Step 3: Final Diagnosis (Eternal Problem) : Showing Jesus’ Kingship
The astrologers and King Herod knew that God created the stars and moved them in their heavenly courses. God, in moving the rising star to rest upon Jesus (v. 9), showed on a cosmic scale that this king was of great significance. That much was clear. But the absolute necessity of Jesus, for the astrologers and for King Herod, was beyond knowing or believing. The Gentile astrologers could not know how feeble their understanding of God’s greatness was; and they could not see beyond their astrological wisdom or believe the depth of their sinfulness before God. Nor did Herod the Great understand God’s greatness, that the Messiah would appear in weakness (and thus not be a threat to Herod’s worldly power) in order to destroy Herod’s pitiless fears. For without this newborn king, both the astrol ogers and King Herod–and us with them–remain in the sin and miseries of our own devising, believing that worldly wisdom (or religion) or worldly kings offer any comfort and joy before God.

PROGNOSIS: The Showing God

Step 4: Initial Prognosis (Eternal Solution) : God’s Love Shown in Jesus the Christ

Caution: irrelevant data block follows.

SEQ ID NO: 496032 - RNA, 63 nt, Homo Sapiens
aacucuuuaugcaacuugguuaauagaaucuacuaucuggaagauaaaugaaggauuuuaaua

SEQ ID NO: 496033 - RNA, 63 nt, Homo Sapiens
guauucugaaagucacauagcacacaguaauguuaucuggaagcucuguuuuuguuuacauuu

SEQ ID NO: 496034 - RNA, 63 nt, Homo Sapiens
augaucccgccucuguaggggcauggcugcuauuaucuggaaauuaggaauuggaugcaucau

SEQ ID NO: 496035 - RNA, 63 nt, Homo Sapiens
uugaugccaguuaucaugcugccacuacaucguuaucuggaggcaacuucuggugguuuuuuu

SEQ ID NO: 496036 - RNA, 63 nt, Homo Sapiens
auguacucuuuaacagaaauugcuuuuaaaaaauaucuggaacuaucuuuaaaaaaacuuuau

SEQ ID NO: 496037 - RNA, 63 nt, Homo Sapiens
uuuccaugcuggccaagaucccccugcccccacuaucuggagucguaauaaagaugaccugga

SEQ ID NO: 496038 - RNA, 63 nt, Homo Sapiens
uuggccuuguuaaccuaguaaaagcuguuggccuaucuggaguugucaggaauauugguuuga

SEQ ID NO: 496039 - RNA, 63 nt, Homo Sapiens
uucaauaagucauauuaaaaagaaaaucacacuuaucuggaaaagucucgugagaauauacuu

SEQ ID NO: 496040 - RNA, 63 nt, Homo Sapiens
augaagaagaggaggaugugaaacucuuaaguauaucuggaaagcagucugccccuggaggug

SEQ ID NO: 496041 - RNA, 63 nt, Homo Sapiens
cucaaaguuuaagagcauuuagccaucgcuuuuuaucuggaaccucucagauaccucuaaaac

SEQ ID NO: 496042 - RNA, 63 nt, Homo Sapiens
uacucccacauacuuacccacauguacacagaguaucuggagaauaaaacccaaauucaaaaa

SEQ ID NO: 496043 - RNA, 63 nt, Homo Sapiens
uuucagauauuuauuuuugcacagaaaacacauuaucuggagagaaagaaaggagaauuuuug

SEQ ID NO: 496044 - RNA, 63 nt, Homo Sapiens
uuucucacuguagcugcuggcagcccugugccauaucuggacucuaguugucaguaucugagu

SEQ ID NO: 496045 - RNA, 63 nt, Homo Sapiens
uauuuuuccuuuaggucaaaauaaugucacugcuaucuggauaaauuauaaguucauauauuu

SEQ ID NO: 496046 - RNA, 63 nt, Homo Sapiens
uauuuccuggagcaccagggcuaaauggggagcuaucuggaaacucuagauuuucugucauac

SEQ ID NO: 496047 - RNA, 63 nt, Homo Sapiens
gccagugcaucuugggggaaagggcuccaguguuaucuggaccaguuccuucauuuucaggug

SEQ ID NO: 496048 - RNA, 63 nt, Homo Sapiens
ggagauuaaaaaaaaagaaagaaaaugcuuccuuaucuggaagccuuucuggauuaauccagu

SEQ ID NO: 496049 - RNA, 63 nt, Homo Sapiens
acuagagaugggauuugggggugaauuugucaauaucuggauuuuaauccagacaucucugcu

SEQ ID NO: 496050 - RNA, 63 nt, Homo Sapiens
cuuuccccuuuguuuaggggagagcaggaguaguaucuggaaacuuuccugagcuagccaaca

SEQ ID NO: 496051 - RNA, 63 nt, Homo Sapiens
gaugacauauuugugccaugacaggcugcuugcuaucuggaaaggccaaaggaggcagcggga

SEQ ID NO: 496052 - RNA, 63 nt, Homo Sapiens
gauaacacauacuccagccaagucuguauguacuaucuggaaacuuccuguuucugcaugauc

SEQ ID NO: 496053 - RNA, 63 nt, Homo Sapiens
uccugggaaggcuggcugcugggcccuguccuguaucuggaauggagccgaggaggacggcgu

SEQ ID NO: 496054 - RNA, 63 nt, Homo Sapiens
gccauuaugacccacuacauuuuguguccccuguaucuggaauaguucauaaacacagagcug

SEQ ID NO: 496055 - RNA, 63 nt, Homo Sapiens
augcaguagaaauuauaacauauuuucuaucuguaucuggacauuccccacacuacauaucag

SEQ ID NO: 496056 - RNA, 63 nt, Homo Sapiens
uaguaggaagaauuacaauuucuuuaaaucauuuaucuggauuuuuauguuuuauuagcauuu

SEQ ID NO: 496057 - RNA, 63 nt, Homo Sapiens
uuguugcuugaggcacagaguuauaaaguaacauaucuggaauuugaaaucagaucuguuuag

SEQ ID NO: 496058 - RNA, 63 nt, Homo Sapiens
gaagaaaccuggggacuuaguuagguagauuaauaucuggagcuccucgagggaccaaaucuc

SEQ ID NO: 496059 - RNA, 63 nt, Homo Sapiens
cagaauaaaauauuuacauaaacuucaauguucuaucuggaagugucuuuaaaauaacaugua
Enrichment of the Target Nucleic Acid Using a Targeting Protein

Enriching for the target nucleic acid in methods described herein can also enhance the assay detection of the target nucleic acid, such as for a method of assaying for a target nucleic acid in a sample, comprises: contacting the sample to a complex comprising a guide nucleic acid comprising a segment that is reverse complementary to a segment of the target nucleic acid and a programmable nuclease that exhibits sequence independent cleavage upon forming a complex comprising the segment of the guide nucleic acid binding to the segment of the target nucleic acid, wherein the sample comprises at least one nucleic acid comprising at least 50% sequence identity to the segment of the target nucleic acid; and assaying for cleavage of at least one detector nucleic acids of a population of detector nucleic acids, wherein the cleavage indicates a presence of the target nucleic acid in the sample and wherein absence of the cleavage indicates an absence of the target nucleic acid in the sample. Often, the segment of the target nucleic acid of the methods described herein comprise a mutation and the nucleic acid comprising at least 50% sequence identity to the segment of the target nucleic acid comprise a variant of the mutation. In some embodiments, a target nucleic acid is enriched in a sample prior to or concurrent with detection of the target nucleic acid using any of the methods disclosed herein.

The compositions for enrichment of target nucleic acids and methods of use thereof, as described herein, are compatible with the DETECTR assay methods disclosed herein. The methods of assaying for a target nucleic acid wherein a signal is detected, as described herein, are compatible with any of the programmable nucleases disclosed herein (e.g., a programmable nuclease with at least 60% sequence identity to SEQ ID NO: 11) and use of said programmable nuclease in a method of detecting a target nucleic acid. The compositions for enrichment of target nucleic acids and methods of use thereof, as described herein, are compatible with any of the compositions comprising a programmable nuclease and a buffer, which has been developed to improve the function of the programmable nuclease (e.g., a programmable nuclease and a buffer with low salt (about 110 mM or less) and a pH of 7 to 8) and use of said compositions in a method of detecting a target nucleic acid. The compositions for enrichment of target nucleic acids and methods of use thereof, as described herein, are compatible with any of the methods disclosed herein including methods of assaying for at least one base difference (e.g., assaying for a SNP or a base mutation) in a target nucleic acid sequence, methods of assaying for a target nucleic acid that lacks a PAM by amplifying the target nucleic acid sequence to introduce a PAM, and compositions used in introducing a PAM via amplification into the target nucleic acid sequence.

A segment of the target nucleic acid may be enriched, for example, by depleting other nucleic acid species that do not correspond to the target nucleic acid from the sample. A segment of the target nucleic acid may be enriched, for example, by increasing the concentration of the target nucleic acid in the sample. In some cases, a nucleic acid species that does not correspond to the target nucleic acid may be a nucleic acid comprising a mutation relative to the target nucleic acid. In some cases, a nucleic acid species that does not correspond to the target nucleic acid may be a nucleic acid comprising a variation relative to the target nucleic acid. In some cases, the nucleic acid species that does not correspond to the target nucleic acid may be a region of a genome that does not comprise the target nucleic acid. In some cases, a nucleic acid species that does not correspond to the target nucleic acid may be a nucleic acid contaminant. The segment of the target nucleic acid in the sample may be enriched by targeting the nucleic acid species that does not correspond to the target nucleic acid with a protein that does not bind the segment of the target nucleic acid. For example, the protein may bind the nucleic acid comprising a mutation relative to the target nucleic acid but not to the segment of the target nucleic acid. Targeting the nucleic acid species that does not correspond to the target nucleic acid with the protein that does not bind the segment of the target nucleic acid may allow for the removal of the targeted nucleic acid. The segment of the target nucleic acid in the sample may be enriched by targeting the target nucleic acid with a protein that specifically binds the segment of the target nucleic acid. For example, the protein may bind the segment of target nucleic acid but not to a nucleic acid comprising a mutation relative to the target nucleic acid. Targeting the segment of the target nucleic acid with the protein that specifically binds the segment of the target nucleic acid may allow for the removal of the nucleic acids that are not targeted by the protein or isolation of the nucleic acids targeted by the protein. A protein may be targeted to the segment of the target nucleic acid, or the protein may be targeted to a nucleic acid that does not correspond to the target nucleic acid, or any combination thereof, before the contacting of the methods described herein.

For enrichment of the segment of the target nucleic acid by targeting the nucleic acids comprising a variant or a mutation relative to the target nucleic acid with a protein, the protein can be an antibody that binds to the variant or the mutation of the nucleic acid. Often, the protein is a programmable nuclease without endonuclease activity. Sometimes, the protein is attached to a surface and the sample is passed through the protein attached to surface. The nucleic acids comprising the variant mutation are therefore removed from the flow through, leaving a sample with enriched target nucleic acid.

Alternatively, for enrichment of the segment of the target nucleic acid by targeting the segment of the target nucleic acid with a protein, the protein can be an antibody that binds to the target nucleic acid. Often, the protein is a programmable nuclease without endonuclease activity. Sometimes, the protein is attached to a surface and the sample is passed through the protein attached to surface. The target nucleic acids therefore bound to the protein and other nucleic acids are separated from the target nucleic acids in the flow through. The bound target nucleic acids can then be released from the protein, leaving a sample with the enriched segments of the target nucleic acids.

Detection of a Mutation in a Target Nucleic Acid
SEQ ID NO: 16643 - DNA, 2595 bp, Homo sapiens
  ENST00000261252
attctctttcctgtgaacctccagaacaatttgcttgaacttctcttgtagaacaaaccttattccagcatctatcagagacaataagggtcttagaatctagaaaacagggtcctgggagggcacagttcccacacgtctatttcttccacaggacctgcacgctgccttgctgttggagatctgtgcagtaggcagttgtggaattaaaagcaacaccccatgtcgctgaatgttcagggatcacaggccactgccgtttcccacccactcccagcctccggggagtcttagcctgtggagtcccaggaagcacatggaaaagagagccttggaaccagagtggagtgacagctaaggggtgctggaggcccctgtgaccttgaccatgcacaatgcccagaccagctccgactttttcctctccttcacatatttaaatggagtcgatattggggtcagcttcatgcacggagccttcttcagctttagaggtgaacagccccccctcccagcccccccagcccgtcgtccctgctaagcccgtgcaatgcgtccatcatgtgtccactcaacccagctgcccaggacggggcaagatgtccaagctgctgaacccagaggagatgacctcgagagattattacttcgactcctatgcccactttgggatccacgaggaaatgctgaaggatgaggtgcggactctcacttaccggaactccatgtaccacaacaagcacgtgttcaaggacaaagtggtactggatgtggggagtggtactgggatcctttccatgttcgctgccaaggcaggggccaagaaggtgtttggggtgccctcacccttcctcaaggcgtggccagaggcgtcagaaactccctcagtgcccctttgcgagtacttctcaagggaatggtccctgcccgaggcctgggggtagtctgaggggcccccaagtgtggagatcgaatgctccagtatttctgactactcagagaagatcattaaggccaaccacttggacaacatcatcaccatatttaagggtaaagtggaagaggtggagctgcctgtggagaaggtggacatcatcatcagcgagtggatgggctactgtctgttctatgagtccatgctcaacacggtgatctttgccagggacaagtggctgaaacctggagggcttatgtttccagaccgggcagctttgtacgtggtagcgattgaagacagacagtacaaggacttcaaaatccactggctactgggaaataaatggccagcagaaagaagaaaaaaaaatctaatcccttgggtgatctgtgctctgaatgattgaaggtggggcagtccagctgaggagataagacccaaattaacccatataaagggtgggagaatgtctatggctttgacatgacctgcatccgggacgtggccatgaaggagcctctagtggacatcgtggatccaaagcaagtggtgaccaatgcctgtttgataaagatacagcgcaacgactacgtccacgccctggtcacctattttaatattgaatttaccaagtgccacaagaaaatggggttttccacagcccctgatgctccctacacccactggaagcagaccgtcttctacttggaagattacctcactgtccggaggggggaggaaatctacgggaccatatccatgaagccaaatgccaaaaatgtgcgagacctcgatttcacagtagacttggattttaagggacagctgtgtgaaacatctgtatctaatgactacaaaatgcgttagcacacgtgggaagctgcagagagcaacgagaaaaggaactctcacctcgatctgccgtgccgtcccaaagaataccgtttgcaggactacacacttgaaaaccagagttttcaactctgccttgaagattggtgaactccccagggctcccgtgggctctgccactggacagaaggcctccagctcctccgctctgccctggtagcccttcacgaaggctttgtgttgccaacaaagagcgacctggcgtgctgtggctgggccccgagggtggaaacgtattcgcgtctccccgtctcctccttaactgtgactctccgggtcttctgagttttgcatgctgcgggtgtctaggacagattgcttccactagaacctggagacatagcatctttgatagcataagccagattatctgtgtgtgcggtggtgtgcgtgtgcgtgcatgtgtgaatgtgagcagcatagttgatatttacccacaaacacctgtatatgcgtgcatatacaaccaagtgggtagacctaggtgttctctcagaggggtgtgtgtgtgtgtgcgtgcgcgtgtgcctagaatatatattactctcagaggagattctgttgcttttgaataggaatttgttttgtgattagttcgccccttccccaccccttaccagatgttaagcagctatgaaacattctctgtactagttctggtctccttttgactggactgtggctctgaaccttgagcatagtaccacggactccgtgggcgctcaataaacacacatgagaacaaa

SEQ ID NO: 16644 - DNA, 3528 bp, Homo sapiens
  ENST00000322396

That this newborn king was indeed the king of the Jews, the Messiah, the ruler of Judea, and the shepherd of Israel was borne out, for all the world to see, in his crucifixion (27:11, 37); and affirmed by God in his resurrection (28:7-9). In Jesus, God demonstrated his relentless love for all peoples by taking their sin upon himself and showing the whole world what sin looks like in the eyes of God, and in so doing removing the barrier between God and humanity (27:51). In Jesus’ crucifixion, God himself is “manifest”; God himself “appears”; God “shows” himself to the world. In Christ, we see God and ourselves most fully and clearly. At the very point at which our sin against God is revealed most horribly, God’s love for us is displayed most decisively.

Step 5: Advanced Prognosis (Internal Solution) : Paying Homage to God’s Incarnate Love
The worldly “joy” (v. 10) and “homage” (v. 11) of the astrologers to the newborn king foreshadowed the great “joy” (28:8) and worshipful “homage” (28:9, 17; same Greek word) of the first witnesses to Jesus’ resurrection. That all of God’s promises to Abraham (and through him to the world) were fulfilled in Jesus is shown in the faith of those who welcome the Crucified and Resurrected One into their hearts, thereby entrusting their lives to the king of the Jews–God’s love incarnate.

Step 6: Final Prognosis (External Solution) : Showing God’s Love through Us
God continues to “manifest” or “show” his love for the world through us, incarnately (in our flesh). Whenever we, trusting in God’s love for us and for the world, love our neighbor (anyone and everyone), we are showing our neighbor and the world what God’s love looks like. Astoundingly, such love, weak and feeble though it may appear, brings the merciful presence of God to bear upon the world by pointing to the cross and to God’s kingly love there displayed.